Analyses were descriptive, and all safety and antitumor activity data included patients who received at least one dose of apitolisib. PK analyses included treated patients who had available PK data. Biomarkers assessed in this study were exploratory. The data cutoff was January 28, 2015; Statistical Analysis System (SAS v9.2) and the software R (https://www.r-project.org; v3.1.1) were used for data analyses.
Between March 16, 2009, and January 15, 2014, 120 patients were enrolled and treated: 56 in stage 1, and 64 in stage 2 (Supplementary Fig. S1). The baseline demographics and disease characteristics are shown in Table 1.
DLTs and RP2D
Eight dose levels between 2 and 70 mg/day on the 21/28-day schedule were evaluated in stage 1. One DLT of grade 4 hyperglycemia was recorded at 40 mg once daily. Two DLTs, grade 3 maculopapular rash and grade 3 hyperglycemia, were recorded at 70 mg once daily (Table 2). The MTD (DLT < 33.3%) was 50 mg once daily on the 21/28-day dosing schedule. At the continuous dosing schedule (28/28), the maximum administered dose was 50 mg once daily; the MTD was not reached for this dosing schedule. AEs that occurred outside the DLT window and influenced dose escalation and RP2D decisions included 1 patient with grade 5 colitis at 50 mg once daily on the 21/28-day dosing schedule and 8 patients with pneumonitis, including 3 severe cases (1 grade 3 at 70 mg once-daily 21/28 schedule; 1 grade 3 pneumonitis and 1 grade 5 pneumonia/pneumonitis at 40 mg once-daily 28/28 schedule). Generally, pneumonitis fully resolved with apitolisib discontinuation, antibiotics, and high-dose steroids; however, steroids were not administered to the latter patient with extensive bulky MPM. Based on these events, the RP2D was 40 mg once daily on the 28/28-day schedule except for MPM patients. The exposure–response relationship between AE and apitolisib [maximum concentration (Cmax) and AUC] was used to project the probability of AE ≥ grade 1; this analysis suggested a low probability of pneumonitis at 30 and 40 mg once daily (manuscript in preparation). However, because patients with MPM have potentially limited pulmonary reserve and may have increased susceptibility to severe clinical course of pneumonitis, 30 mg once daily was the recommended dose for MPM.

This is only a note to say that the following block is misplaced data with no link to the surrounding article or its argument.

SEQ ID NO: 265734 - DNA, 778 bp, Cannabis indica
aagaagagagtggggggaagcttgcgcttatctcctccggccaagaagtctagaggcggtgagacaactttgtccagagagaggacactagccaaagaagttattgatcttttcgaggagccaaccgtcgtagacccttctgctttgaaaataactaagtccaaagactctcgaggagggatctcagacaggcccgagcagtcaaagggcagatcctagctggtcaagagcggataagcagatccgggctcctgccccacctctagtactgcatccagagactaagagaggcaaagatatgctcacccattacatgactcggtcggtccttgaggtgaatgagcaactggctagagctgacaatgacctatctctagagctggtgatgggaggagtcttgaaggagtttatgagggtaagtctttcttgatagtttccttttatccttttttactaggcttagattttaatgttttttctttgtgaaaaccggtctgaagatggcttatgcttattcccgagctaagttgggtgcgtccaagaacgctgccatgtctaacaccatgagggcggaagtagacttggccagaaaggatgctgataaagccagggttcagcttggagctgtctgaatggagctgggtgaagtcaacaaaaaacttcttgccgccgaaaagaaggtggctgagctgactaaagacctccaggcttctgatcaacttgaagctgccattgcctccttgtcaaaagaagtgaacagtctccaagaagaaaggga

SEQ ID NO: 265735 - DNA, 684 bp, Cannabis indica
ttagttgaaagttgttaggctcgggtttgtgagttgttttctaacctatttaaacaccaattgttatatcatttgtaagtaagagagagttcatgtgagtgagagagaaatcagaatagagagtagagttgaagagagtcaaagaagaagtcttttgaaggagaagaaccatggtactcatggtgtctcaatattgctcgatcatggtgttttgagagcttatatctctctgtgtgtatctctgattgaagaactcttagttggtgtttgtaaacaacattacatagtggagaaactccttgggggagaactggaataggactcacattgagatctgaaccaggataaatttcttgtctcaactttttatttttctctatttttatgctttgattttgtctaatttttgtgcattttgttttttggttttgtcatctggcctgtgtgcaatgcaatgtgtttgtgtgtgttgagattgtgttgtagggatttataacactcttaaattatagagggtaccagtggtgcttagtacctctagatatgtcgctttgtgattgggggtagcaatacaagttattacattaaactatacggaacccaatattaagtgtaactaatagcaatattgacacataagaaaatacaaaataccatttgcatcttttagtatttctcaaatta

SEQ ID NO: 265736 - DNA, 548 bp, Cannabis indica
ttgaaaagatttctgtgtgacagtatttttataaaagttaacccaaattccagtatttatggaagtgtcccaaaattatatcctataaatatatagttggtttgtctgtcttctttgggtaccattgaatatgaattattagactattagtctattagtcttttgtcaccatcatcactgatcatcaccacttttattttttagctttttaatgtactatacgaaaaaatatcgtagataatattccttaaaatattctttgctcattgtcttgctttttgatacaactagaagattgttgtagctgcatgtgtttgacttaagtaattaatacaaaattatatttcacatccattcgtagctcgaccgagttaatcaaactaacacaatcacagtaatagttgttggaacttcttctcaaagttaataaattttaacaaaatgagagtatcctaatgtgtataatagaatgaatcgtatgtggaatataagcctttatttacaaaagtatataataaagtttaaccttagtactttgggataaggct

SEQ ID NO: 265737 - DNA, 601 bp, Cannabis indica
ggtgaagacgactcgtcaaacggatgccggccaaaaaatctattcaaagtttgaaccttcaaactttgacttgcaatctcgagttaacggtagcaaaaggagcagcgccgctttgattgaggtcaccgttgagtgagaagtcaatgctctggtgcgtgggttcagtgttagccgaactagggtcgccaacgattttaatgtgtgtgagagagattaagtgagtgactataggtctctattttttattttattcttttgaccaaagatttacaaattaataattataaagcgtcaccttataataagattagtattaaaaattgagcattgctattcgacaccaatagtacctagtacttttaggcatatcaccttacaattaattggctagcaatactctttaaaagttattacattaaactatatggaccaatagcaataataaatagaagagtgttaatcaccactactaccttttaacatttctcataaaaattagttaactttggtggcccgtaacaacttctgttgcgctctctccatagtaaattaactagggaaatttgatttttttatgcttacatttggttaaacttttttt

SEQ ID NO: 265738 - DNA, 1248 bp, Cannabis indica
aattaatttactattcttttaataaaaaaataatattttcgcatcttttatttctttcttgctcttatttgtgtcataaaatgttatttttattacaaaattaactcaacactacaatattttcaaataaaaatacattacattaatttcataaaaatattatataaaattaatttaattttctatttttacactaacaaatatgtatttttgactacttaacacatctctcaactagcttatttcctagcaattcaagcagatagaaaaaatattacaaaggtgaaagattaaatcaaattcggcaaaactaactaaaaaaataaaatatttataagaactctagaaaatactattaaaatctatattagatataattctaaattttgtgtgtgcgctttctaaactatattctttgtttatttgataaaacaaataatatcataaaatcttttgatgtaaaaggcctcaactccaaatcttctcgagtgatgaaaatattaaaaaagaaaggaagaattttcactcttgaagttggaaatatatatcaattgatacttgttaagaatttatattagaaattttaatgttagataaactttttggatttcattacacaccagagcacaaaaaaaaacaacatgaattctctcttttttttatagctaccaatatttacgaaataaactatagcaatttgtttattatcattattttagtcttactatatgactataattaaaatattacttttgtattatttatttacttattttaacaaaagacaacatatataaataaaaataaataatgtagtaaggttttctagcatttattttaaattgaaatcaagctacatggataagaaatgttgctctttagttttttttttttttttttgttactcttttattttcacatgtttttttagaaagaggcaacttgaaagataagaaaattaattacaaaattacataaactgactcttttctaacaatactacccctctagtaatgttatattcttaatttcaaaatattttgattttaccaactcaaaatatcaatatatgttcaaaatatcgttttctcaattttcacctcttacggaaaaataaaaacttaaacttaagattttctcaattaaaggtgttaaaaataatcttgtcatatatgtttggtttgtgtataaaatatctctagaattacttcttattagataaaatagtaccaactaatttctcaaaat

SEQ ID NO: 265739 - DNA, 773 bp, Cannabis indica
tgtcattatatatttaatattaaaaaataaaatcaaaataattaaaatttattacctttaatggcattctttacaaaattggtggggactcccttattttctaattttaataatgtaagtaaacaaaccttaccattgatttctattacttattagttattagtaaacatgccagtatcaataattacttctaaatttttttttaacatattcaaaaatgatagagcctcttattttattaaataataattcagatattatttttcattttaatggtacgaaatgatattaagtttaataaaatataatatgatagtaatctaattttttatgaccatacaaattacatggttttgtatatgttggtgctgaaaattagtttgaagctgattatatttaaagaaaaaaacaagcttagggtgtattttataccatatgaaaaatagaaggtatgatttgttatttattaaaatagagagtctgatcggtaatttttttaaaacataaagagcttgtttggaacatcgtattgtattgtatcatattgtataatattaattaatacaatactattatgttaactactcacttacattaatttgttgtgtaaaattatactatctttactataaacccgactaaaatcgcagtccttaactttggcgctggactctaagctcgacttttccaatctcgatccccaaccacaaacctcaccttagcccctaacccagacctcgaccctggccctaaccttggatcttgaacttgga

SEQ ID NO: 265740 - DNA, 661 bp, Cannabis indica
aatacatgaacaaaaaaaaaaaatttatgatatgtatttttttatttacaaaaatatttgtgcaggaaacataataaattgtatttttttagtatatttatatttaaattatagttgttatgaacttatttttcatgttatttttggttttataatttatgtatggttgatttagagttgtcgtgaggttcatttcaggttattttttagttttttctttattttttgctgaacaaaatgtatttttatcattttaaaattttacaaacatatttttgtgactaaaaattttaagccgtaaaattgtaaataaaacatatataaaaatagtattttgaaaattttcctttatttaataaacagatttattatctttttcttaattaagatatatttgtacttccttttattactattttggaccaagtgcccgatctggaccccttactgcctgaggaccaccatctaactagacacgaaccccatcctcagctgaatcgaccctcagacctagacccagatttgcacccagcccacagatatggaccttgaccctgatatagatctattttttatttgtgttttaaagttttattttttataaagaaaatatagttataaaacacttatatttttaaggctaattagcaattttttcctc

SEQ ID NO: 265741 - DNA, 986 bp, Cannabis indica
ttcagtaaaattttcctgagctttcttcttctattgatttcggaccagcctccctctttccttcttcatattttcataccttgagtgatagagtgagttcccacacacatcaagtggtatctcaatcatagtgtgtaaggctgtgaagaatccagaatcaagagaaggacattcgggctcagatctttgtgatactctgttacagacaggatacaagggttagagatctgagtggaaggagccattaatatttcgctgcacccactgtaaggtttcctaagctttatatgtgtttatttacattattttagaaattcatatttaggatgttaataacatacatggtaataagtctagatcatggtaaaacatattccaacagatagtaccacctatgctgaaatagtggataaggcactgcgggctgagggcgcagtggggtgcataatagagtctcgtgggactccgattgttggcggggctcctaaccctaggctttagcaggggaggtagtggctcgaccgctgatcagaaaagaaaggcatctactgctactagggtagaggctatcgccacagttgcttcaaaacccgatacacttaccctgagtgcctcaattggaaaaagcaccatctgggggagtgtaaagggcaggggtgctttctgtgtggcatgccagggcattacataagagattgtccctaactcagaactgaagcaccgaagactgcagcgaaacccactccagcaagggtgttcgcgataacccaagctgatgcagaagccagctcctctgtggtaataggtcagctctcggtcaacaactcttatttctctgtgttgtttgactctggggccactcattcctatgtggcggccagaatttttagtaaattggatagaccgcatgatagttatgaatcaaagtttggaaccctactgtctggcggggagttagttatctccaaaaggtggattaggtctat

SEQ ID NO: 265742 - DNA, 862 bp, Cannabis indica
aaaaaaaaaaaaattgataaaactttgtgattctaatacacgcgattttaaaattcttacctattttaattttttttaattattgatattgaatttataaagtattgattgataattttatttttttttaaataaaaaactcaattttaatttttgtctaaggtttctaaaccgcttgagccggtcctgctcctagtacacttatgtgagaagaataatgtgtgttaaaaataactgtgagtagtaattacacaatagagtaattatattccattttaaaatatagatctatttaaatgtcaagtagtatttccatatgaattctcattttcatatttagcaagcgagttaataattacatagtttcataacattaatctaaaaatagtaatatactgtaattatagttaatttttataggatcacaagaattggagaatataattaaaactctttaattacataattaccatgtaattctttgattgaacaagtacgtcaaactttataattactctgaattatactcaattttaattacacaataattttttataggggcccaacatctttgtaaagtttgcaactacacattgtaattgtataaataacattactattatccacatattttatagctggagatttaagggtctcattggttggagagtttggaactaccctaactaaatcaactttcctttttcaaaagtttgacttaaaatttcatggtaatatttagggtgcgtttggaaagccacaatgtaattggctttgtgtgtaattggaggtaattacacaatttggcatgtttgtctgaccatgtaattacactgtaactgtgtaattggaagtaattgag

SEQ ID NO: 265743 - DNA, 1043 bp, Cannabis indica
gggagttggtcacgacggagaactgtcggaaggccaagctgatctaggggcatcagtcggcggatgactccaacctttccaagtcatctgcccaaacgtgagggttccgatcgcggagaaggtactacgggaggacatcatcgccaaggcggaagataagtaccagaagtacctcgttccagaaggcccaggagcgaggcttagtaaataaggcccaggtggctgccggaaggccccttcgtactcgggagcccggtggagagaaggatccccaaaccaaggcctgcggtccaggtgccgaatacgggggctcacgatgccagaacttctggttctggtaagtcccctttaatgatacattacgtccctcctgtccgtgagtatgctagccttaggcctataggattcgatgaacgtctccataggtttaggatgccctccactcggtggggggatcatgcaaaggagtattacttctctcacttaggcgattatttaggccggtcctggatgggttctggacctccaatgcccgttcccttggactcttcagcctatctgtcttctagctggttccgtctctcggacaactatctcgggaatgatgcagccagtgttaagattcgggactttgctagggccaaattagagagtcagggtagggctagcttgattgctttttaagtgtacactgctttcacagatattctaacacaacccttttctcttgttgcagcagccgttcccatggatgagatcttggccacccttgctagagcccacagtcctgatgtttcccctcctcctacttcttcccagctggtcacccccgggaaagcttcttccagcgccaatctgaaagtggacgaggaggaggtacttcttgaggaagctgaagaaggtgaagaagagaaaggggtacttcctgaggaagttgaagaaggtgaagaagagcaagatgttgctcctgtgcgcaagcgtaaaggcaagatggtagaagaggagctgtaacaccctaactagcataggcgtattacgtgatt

Safety and tolerability
In stage 2, 64 patients on a 28/28 continuous schedule received either 40 mg once daily (37 patients) or 30 mg once daily (27 patients with MPM). Safety analyses described (Table 3) included all stage 2 patients and 14 stage 1 patients treated at 40 mg once daily 28/28 (n = 51). The most common treatment-related ≥ grade 3 AEs at the RP2D 40 mg once daily were hyperglycemia (18%), rash (14%), liver dysfunction (12%; aspartate aminotransferase, alanine aminotransferase, or liver function test increase), diarrhea (10%), pneumonitis (8%), and mucosal inflammation (6%). AEs were generally of mild to moderate severity (Table 3) and manageable with standard treatments. Hyperglycemia was usually asymptomatic and responded to metformin administration. Dermatological toxicity involved a maculopapular or pruritic rash; mainstay of treatment was topical emollients and steroids, although 4 patients (5.1%) in stage 2 (2 at 40 mg and 2 at 30 mg once daily) required apitolisib treatment discontinuation for rash. Other AEs that led to dose reductions in more than 1 patient included diarrhea (n = 2), mucosal inflammation (n = 2), and pneumonitis (n = 2); Supplementary Table S1.